Debono asks whether the project was then put under the aegis of Projects Malta.
Muscat says it “ended with the entity involved” as happened in all other similar cases.
Debono notes that witnesses from Projects Malta had testified that they were effectively paper pushers in the process.
Muscat: “I did not interfere. But there was a whole process.”
Muscat begins his testimony
12.08pm Muscat takes the oath and his testimony begins.
Debono asks him: Were Konrad Mizzi and Chris Cardona briefed about Vitals by you or cabinet?
Muscat: It was the competent minister – Energy and Health [i.e. Konrad Mizzi] who made the call. Not Projects Malta. There are 12 cabinet decisions in this regard.
Konrad Mizzi back in quarantine
12.05pm Konrad Mizzi is in quarantine – again.
The former minister-turned-independent MP filed a court application this morning informing the judge that he went to London on January 11 and had not been served with a summons for today’s court appearance.
He’s now in mandatory quarantine, judge Francesco Depasquale says.
Lawyer Edward Debono points out that it’s the fifth time Mizzi has been summoned to testify and suggests having him testify remotely.
The judge says that if Mizzi does not turn up the next time he is summoned, he will have to testify using electronic means.
12pm Muscat did not reply to journalist’s questions on the way in, saying he would say all he has to in court.
Muscat in court
11.57am Joseph Muscat has entered the court, accompanied by a bodyguard and lawyers Paul Lia and Charlon Gouder.
State advocate Chris Soler is here, as are lawyers Edward and Nick Debono, representing the plaintiff, Adrian Delia.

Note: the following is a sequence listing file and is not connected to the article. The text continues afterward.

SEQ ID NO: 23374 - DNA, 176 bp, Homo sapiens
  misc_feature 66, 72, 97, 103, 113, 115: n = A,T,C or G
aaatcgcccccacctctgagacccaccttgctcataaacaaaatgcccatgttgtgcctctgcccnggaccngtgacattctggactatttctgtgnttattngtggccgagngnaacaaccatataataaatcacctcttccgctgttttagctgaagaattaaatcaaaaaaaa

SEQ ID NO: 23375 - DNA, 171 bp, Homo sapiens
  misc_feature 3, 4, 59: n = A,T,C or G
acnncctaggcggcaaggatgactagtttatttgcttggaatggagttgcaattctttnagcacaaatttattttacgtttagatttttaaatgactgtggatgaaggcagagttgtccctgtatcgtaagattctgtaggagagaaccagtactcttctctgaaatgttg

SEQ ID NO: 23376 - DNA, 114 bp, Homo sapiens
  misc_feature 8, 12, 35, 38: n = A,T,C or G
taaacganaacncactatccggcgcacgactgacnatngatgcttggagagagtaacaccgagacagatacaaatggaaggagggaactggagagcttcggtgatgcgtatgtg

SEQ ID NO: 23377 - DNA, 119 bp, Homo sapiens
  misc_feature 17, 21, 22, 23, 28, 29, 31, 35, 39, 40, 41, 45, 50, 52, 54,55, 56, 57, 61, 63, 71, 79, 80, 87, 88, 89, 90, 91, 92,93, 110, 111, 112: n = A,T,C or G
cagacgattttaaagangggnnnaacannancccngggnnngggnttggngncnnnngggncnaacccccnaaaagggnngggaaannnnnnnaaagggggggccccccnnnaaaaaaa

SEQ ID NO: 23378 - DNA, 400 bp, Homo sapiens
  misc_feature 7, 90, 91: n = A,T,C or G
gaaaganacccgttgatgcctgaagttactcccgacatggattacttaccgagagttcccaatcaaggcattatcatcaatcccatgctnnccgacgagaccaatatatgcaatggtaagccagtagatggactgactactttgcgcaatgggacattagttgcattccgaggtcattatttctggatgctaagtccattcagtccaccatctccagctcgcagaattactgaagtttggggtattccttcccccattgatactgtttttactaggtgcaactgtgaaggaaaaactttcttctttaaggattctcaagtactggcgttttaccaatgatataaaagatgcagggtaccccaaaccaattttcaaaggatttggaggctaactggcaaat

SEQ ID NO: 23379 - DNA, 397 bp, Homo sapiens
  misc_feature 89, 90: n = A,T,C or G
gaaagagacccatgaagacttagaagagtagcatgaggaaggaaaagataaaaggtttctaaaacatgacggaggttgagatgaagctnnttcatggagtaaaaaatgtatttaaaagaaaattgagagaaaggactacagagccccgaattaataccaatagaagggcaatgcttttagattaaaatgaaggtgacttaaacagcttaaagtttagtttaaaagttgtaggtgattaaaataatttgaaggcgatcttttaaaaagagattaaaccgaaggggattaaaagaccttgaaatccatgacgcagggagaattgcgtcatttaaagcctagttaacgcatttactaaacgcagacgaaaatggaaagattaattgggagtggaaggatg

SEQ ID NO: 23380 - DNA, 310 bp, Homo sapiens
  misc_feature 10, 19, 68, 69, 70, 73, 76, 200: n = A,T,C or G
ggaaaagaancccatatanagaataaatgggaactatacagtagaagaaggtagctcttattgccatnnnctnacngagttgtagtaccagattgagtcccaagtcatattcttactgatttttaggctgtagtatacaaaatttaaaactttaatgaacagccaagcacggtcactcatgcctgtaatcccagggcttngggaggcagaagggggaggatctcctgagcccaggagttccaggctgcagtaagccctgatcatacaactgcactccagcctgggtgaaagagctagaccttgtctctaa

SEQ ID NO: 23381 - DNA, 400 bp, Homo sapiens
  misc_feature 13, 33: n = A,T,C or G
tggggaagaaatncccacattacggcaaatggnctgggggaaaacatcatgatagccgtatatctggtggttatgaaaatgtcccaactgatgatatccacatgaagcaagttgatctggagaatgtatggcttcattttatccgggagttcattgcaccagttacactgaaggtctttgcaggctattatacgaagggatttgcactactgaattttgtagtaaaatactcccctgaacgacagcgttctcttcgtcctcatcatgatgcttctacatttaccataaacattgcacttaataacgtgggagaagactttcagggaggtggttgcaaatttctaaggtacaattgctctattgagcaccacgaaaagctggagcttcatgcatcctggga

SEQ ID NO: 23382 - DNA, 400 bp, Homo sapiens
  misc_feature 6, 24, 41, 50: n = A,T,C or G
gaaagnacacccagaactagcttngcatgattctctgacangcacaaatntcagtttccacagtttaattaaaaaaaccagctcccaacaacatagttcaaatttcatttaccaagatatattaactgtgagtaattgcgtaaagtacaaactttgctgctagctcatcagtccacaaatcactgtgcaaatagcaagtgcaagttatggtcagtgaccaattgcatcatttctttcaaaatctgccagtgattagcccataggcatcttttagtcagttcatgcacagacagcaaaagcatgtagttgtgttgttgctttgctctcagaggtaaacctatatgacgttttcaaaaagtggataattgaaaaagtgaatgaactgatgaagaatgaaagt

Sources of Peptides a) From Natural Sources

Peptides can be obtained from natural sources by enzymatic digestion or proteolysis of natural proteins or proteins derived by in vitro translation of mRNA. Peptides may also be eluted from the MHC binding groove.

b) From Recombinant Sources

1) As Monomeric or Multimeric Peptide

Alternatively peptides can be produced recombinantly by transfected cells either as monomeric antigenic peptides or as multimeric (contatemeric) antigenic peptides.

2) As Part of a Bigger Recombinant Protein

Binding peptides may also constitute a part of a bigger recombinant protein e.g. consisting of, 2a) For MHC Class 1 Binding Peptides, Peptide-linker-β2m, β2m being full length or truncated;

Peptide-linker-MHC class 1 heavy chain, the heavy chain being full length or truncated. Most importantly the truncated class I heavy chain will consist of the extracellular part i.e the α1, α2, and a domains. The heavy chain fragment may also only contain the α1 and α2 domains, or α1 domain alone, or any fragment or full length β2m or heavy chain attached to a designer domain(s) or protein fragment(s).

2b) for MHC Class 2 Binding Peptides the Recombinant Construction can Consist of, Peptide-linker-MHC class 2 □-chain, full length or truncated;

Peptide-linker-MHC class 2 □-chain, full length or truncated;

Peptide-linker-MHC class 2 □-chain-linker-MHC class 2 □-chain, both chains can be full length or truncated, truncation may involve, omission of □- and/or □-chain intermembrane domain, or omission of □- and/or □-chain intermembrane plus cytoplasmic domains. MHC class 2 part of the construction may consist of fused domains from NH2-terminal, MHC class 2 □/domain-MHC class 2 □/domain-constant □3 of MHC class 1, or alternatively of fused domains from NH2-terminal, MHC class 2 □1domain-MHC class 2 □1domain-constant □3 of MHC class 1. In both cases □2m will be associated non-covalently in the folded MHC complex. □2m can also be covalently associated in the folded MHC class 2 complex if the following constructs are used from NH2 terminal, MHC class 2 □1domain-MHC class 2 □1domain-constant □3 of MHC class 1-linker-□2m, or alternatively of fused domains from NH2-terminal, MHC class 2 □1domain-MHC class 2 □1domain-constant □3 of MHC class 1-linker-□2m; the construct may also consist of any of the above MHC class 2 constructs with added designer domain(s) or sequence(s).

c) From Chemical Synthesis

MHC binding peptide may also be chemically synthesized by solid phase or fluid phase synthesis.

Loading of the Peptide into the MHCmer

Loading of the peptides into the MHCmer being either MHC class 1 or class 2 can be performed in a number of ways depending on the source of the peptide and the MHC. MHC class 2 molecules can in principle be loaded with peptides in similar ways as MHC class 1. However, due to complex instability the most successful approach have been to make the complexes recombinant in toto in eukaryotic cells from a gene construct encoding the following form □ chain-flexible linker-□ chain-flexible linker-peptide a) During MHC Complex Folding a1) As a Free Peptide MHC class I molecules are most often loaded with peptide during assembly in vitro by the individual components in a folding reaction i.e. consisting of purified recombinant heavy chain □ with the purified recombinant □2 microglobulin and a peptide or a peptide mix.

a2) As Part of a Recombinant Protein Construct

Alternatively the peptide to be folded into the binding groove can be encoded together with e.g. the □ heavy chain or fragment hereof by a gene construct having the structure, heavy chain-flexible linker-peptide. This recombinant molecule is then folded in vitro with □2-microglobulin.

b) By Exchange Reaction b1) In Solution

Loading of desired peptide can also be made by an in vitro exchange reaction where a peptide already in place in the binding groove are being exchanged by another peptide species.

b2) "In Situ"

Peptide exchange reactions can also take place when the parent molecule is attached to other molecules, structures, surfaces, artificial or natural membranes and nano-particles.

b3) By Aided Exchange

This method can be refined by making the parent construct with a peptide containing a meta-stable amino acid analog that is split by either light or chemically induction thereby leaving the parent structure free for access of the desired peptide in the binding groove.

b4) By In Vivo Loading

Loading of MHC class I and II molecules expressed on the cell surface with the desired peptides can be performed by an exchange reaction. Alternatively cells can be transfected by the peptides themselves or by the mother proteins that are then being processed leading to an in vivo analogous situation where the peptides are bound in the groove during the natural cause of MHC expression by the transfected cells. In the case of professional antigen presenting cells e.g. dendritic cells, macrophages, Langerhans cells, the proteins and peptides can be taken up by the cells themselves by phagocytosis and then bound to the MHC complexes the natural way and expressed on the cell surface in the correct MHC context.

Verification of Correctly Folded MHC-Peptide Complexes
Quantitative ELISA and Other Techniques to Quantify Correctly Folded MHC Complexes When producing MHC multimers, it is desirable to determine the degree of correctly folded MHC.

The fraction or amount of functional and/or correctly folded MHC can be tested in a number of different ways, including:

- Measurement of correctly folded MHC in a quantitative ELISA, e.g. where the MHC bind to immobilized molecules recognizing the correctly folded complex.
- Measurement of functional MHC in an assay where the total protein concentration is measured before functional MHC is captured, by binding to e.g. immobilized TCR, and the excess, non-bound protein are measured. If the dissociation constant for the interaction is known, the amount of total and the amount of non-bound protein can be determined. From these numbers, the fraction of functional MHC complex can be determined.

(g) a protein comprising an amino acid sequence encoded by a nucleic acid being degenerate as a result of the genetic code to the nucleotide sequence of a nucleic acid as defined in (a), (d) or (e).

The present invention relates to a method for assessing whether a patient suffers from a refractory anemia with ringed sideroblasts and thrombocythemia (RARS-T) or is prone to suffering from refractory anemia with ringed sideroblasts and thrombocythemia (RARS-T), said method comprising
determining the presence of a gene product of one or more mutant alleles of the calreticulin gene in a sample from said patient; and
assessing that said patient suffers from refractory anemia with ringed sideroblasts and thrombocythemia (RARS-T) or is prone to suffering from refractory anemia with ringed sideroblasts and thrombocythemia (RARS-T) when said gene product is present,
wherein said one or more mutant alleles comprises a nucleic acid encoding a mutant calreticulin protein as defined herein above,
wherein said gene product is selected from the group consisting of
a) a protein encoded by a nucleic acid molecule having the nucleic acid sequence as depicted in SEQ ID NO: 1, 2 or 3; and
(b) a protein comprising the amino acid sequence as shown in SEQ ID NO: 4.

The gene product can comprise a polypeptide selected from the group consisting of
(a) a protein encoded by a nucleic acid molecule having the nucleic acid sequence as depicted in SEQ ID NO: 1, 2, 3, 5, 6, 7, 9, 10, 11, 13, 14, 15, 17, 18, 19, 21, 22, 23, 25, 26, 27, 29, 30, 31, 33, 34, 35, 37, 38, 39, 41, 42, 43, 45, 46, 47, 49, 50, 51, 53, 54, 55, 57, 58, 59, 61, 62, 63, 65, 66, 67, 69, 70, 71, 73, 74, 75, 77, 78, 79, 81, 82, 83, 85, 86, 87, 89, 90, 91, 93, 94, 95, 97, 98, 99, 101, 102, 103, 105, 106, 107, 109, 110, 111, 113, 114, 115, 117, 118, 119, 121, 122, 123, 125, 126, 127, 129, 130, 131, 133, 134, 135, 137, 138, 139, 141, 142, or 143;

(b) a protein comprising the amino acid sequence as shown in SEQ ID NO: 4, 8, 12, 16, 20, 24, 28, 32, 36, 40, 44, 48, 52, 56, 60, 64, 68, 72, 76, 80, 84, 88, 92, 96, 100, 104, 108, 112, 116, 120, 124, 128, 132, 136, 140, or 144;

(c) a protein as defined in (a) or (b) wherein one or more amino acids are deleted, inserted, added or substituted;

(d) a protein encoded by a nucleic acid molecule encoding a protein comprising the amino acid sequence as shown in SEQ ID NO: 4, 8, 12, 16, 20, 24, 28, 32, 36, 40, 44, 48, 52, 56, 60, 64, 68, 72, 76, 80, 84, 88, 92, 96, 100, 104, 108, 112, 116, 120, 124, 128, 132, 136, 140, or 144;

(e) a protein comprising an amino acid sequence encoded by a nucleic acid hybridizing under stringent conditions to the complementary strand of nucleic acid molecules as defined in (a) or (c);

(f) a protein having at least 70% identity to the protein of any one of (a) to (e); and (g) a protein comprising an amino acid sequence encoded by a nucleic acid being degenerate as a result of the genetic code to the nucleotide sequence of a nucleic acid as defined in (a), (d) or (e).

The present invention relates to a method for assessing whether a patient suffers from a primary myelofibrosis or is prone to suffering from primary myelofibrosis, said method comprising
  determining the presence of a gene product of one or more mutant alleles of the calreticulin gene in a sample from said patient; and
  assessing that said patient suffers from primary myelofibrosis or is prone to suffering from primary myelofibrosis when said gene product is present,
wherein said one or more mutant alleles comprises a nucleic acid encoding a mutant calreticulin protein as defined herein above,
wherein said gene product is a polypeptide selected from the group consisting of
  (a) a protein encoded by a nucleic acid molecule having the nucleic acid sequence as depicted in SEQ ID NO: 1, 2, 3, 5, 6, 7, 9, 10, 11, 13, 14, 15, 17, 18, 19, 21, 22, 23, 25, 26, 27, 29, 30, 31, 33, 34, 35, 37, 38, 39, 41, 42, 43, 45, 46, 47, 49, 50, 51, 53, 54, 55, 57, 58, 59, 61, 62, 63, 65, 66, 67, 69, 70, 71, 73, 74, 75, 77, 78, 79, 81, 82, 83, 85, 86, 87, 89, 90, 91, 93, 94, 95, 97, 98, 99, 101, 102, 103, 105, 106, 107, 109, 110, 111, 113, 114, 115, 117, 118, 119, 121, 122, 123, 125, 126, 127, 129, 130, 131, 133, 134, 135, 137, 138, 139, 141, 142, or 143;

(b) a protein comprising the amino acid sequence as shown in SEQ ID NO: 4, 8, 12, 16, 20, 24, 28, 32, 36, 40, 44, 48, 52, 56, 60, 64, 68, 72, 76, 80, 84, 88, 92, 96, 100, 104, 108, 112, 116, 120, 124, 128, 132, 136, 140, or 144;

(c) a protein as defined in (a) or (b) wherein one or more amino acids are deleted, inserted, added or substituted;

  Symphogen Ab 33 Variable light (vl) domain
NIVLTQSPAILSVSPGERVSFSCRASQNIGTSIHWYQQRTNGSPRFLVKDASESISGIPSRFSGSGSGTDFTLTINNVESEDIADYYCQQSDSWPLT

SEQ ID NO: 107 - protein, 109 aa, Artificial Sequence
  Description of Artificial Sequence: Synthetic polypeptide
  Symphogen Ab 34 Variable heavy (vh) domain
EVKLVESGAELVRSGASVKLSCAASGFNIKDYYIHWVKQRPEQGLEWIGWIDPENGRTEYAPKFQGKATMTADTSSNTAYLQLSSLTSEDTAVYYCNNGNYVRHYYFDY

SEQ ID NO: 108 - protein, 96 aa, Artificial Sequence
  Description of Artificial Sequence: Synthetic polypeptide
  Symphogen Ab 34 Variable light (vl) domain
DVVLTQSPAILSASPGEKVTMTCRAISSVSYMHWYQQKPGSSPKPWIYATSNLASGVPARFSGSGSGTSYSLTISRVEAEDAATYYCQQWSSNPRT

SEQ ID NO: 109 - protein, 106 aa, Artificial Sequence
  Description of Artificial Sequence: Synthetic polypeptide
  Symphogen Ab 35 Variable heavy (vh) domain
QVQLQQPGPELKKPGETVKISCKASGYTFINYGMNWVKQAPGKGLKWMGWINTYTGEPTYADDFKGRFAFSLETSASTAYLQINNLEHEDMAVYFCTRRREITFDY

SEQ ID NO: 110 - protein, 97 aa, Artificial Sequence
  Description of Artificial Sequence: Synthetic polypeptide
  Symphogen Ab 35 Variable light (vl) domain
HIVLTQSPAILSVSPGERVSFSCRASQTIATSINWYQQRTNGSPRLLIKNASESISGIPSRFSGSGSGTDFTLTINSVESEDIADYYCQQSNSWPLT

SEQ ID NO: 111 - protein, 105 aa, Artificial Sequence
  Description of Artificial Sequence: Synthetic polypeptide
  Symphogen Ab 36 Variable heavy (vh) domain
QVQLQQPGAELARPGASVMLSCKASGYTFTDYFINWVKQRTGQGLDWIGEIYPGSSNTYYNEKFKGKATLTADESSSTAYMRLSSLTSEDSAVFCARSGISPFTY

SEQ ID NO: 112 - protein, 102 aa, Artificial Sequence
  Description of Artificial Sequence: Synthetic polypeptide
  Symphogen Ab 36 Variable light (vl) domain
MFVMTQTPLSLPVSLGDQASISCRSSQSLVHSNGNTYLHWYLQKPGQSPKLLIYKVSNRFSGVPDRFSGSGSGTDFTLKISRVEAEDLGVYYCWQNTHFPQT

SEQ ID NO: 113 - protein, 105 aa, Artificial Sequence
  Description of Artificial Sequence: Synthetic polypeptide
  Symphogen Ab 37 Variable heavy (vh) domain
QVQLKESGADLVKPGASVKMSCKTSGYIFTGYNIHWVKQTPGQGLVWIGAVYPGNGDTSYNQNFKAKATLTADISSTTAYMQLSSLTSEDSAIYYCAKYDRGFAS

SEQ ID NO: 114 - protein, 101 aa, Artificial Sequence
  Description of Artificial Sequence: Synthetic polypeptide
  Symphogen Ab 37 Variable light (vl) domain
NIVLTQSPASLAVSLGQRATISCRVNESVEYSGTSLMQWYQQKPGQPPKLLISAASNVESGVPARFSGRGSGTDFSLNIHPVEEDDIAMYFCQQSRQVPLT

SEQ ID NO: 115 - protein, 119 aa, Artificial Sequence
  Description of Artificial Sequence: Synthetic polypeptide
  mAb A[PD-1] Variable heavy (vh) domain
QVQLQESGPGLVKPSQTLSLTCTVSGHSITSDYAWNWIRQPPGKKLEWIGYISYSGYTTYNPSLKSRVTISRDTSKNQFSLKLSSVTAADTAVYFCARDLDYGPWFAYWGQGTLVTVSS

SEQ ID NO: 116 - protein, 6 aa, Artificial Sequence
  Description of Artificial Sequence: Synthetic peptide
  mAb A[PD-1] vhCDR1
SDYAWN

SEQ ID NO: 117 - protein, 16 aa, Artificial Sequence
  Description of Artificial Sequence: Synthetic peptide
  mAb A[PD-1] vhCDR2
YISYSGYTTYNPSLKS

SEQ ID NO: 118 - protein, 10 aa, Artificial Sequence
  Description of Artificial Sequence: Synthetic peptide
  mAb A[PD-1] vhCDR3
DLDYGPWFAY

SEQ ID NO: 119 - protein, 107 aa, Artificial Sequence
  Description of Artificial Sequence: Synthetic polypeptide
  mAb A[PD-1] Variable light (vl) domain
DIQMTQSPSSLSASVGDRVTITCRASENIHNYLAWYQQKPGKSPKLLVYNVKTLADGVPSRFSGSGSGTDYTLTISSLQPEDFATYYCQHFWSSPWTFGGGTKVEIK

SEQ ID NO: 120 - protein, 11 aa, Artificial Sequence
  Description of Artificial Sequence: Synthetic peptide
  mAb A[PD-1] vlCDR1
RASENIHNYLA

Recap - what is this all about?
11.50am Vitals Global Healthcare – a company with no medical track record run by an opaque set of investors - was handed the keys to three state hospitals for 30 years in late 2015.
It sold that concession to US giants Steward Health Care just two years into that deal after racking up significant debt and failing to deliver on its targets.
The National Audit Office has found that Vitals should never have been allowed to compete for the lucrative 30-year contract, as there was evidence of collusion between the company and government ahead of the deal being opened to public offers.
A court has also heard how Steward was given a €100 million ‘termination clause’ which would bind the Maltese government to pay that sum to the US company if the 30-year concession was ended prematurely.
Edward Scicluna, who served as Finance Minister when the deal was signed, testified under oath last month that he only learnt of that clause after it had been concluded.
Witnesses have testified that negotiations were led by Konrad Mizzi’s ministry.
The government is now understood to be negotiating a new deal with Steward which would see the three hospitals return to the state, with the US company contracted to equip and maintain them.
11.44am Hello and welcome to this live blog. We're at the Valletta law courts - in hall 15 to be precise - where two high-profile witnesses are expected to testify in a civil case to revoke the Vitals hospitals deal.